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Math Help - Using Midpoint rule to appromiate area bounded by curvves

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    Using Midpoint rule to appromiate area bounded by curvves

    I thought I had the process but I was off apparently. The equations are y=sin^2(pi x/4), y=cos^2(pi x/4) 0, greater or equal to x, greater or equal to 1)
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    Quote Originally Posted by sfgiants13 View Post
    I thought I had the process but I was off apparently. The equations are y=sin^2(pi x/4), y=cos^2(pi x/4) 0, greater or equal to x, greater or equal to 1)
    The directions of the inequalities are wrong, but assume you mean for 0 \le x \le 1. Then area is:

    A=\int_{x=0}^1 \cos^2(\pi x/4)-\sin^2(\pi x/4)\ dx

    now what is the difficulty?

    CB
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    Quote Originally Posted by CaptainBlack View Post
    The directions of the inequalities are wrong, but assume you mean for 0 \le x \le 1. Then area is:

    A=\int_{x=0}^1 \cos^2(\pi x/4)-\sin^2(\pi x/4)\ dx

    now what is the difficulty?

    CB
    Yeah sorry...it was use the midpoint rule and n=4 to approximate the area between the curves.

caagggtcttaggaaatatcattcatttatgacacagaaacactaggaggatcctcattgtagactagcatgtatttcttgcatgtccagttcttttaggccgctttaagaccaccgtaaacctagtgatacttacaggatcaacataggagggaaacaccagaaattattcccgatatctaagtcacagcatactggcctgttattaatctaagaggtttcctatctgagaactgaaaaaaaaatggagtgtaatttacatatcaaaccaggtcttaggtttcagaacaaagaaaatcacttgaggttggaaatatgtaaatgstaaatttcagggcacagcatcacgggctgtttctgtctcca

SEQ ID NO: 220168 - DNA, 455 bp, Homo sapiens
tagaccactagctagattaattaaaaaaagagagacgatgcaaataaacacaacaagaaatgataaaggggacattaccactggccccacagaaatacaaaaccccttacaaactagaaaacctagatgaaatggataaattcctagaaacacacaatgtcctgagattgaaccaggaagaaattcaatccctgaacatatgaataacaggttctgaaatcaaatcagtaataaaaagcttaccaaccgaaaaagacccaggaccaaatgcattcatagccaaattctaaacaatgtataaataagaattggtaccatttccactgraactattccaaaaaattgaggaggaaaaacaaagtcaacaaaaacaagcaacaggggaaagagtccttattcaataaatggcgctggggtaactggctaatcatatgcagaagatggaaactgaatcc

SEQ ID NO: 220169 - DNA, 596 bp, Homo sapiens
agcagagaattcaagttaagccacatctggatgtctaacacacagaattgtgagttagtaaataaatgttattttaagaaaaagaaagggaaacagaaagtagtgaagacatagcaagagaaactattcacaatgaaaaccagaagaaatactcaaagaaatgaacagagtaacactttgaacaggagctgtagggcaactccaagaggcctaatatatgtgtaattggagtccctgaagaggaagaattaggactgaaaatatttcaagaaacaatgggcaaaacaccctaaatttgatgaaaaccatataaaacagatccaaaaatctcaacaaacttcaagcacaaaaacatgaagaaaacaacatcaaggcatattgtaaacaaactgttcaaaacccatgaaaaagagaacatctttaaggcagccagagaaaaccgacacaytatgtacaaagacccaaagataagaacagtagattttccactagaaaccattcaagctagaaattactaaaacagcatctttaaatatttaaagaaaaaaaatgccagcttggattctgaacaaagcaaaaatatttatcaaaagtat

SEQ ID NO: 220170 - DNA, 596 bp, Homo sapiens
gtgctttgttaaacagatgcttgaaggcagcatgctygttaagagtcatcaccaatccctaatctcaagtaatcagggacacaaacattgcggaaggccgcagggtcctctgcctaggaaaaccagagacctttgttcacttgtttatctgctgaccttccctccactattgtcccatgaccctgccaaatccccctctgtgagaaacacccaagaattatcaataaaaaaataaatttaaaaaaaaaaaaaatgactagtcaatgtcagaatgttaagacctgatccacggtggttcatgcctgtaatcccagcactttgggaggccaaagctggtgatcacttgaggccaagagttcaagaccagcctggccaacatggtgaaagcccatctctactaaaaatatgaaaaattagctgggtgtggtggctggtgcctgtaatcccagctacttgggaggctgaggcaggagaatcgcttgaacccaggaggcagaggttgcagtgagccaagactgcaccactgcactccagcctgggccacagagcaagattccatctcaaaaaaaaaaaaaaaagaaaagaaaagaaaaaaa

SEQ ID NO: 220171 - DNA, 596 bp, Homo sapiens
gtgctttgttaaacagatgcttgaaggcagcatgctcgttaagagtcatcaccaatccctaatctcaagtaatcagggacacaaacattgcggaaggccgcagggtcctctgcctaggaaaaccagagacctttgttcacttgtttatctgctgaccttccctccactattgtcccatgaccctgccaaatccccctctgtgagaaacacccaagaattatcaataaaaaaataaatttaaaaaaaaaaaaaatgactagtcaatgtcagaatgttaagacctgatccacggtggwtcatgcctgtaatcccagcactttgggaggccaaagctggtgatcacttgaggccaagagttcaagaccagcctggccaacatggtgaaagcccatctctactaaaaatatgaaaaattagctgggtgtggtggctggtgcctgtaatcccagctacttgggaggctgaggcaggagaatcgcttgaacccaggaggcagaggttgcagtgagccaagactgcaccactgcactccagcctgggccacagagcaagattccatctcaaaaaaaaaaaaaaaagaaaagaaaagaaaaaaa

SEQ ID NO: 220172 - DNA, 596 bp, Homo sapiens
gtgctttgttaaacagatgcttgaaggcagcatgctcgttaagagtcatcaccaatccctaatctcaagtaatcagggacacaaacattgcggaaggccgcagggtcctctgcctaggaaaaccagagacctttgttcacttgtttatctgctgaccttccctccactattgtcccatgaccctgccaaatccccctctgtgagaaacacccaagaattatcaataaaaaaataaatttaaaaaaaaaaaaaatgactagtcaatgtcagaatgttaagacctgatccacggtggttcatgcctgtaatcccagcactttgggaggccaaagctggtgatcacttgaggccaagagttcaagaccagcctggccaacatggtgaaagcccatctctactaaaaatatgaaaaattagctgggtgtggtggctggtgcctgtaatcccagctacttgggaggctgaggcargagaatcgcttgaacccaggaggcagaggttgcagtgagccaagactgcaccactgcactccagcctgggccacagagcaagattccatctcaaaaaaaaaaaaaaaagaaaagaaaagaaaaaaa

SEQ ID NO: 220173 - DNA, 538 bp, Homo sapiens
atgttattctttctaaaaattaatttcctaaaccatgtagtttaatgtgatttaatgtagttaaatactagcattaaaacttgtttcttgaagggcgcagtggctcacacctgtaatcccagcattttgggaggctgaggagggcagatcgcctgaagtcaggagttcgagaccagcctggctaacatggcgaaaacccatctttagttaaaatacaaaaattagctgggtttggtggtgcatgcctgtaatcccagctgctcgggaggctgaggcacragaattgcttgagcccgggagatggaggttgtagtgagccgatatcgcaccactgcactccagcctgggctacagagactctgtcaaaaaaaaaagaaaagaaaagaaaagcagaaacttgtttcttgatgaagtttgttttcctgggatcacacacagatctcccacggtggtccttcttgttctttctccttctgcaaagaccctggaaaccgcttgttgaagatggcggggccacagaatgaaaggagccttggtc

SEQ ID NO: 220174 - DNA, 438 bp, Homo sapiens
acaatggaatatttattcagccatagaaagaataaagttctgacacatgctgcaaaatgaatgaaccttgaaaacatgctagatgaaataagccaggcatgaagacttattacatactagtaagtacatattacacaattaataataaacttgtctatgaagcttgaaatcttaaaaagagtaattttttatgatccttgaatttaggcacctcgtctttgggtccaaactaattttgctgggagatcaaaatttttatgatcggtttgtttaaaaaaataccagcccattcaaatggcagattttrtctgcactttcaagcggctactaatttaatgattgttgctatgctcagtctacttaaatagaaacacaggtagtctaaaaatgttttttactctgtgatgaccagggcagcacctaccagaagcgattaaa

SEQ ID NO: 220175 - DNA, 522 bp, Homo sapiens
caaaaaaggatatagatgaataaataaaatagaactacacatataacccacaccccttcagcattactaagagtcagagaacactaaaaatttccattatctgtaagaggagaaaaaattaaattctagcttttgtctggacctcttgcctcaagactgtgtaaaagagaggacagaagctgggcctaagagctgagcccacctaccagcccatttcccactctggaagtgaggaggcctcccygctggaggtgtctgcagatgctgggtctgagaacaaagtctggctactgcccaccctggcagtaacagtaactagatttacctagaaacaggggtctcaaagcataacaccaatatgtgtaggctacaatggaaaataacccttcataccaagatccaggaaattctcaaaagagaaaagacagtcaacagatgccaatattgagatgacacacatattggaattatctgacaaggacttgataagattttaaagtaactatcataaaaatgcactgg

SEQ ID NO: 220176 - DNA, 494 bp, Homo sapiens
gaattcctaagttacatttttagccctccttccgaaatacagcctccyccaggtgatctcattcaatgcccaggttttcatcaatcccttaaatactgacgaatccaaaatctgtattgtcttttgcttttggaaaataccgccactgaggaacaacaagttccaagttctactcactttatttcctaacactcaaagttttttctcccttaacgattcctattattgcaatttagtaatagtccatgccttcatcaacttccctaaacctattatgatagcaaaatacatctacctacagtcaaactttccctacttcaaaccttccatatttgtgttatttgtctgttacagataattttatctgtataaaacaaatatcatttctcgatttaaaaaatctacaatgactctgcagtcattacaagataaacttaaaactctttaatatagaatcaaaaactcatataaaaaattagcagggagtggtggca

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  4. #4
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    Quote Originally Posted by sfgiants13 View Post
    Yeah sorry...it was use the midpoint rule and n=4 to approximate the area between the curves.
    You want four subintervals of the interval interval [0,1], so they are each of length 0.25, and have mid points 0.125, 0.375, 0.625, 0.875, or:

    x_i=\frac{b-a}{n} \times (k+0.5), \ \ k=0,1,.., n-1

    are the interval mid points, where a, b are the limits of integration, and n is the number of subintervals.

    Then:

    \int_a^b f(x)\ dx \approx \frac{b-a}{n}\sum_{k=0}^{n-1}f(x_i)

    or writing h=(b-a)/n

    x_i=h \times (k+0.5), \ \ k=0,1,.., n-1

    \int_a^b f(x)\ dx \approx h\sum_{k=0}^{n-1}f(x_i)

    which is the sum of the function at the mid points of the intervals times the interval length

    CB
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